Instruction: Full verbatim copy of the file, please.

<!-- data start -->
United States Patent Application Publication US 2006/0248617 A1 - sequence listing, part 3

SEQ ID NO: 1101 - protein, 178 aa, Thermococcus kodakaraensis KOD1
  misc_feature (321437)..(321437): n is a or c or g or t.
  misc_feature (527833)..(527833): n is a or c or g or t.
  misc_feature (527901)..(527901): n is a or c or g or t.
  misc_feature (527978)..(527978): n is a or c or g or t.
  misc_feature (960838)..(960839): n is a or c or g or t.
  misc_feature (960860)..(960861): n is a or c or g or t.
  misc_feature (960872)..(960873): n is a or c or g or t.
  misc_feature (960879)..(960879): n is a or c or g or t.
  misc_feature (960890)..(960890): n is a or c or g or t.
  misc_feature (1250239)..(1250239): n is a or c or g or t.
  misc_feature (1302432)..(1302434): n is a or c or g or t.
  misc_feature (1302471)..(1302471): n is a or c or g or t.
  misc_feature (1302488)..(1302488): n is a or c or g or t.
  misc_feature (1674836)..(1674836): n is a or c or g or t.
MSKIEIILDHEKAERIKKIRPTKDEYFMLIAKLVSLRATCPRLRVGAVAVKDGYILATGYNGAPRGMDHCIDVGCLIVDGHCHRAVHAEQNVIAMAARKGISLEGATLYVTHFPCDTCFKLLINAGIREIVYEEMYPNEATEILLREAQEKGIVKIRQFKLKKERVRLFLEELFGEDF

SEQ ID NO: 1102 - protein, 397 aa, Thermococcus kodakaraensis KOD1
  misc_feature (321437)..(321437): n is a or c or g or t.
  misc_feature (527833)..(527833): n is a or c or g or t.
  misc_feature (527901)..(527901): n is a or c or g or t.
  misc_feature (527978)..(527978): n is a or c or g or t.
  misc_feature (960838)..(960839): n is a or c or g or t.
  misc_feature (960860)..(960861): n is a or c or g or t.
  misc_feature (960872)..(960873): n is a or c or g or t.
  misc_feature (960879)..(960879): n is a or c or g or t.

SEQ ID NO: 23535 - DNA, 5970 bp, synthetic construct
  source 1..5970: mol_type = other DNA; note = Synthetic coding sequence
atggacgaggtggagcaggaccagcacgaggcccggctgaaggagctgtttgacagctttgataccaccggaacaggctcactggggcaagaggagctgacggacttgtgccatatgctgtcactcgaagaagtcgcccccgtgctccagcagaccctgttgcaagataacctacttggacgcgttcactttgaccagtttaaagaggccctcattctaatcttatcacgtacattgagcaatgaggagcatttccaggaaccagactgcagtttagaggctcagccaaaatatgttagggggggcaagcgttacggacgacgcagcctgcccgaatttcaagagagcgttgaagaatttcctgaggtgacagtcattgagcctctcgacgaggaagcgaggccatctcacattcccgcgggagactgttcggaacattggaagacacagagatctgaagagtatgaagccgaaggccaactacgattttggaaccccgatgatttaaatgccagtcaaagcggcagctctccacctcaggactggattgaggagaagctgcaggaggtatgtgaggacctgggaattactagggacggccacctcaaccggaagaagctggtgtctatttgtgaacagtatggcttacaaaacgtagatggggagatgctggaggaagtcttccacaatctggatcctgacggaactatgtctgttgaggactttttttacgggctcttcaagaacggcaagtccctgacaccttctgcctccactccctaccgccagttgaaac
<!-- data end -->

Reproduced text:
United States Patent Application Publication US 2006/0248617 A1 - sequence listing, part 3

SEQ ID NO: 1101 - protein, 178 aa, Thermococcus kodakaraensis KOD1
  misc_feature (321437)..(321437): n is a or c or g or t.
  misc_feature (527833)..(527833): n is a or c or g or t.
  misc_feature (527901)..(527901): n is a or c or g or t.
  misc_feature (527978)..(527978): n is a or c or g or t.
  misc_feature (960838)..(960839): n is a or c or g or t.
  misc_feature (960860)..(960861): n is a or c or g or t.
  misc_feature (960872)..(960873): n is a or c or g or t.
  misc_feature (960879)..(960879): n is a or c or g or t.
  misc_feature (960890)..(960890): n is a or c or g or t.
  misc_feature (1250239)..(1250239): n is a or c or g or t.
  misc_feature (1302432)..(1302434): n is a or c or g or t.
  misc_feature (1302471)..(1302471): n is a or c or g or t.
  misc_feature (1302488)..(1302488): n is a or c or g or t.
  misc_feature (1674836)..(1674836): n is a or c or g or t.
MSKIEIILDHEKAERIKKIRPTKDEYFMLIAKLVSLRATCPRLRVGAVAVKDGYILATGYNGAPRGMDHCIDVGCLIVDGHCHRAVHAEQNVIAMAARKGISLEGATLYVTHFPCDTCFKLLINAGIREIVYEEMYPNEATEILLREAQEKGIVKIRQFKLKKERVRLFLEELFGEDF

SEQ ID NO: 1102 - protein, 397 aa, Thermococcus kodakaraensis KOD1
  misc_feature (321437)..(321437): n is a or c or g or t.
  misc_feature (527833)..(527833): n is a or c or g or t.
  misc_feature (527901)..(527901): n is a or c or g or t.
  misc_feature (527978)..(527978): n is a or c or g or t.
  misc_feature (960838)..(960839): n is a or c or g or t.
  misc_feature (960860)..(960861): n is a or c or g or t.
  misc_feature (960872)..(960873): n is a or c or g or t.
  misc_feature (960879)..(960879): n is a or c or g or t.

SEQ ID NO: 23535 - DNA, 5970 bp, synthetic construct
  source 1..5970: mol_type = other DNA; note = Synthetic coding sequence
atggacgaggtggagcaggaccagcacgaggcccggctgaaggagctgtttgacagctttgataccaccggaacaggctcactggggcaagaggagctgacggacttgtgccatatgctgtcactcgaagaagtcgcccccgtgctccagcagaccctgttgcaagataacctacttggacgcgttcactttgaccagtttaaagaggccctcattctaatcttatcacgtacattgagcaatgaggagcatttccaggaaccagactgcagtttagaggctcagccaaaatatgttagggggggcaagcgttacggacgacgcagcctgcccgaatttcaagagagcgttgaagaatttcctgaggtgacagtcattgagcctctcgacgaggaagcgaggccatctcacattcccgcgggagactgttcggaacattggaagacacagagatctgaagagtatgaagccgaaggccaactacgattttggaaccccgatgatttaaatgccagtcaaagcggcagctctccacctcaggactggattgaggagaagctgcaggaggtatgtgaggacctgggaattactagggacggccacctcaaccggaagaagctggtgtctatttgtgaacagtatggcttacaaaacgtagatggggagatgctggaggaagtcttccacaatctggatcctgacggaactatgtctgttgaggactttttttacgggctcttcaagaacggcaagtccctgacaccttctgcctccactccctaccgccagttgaaac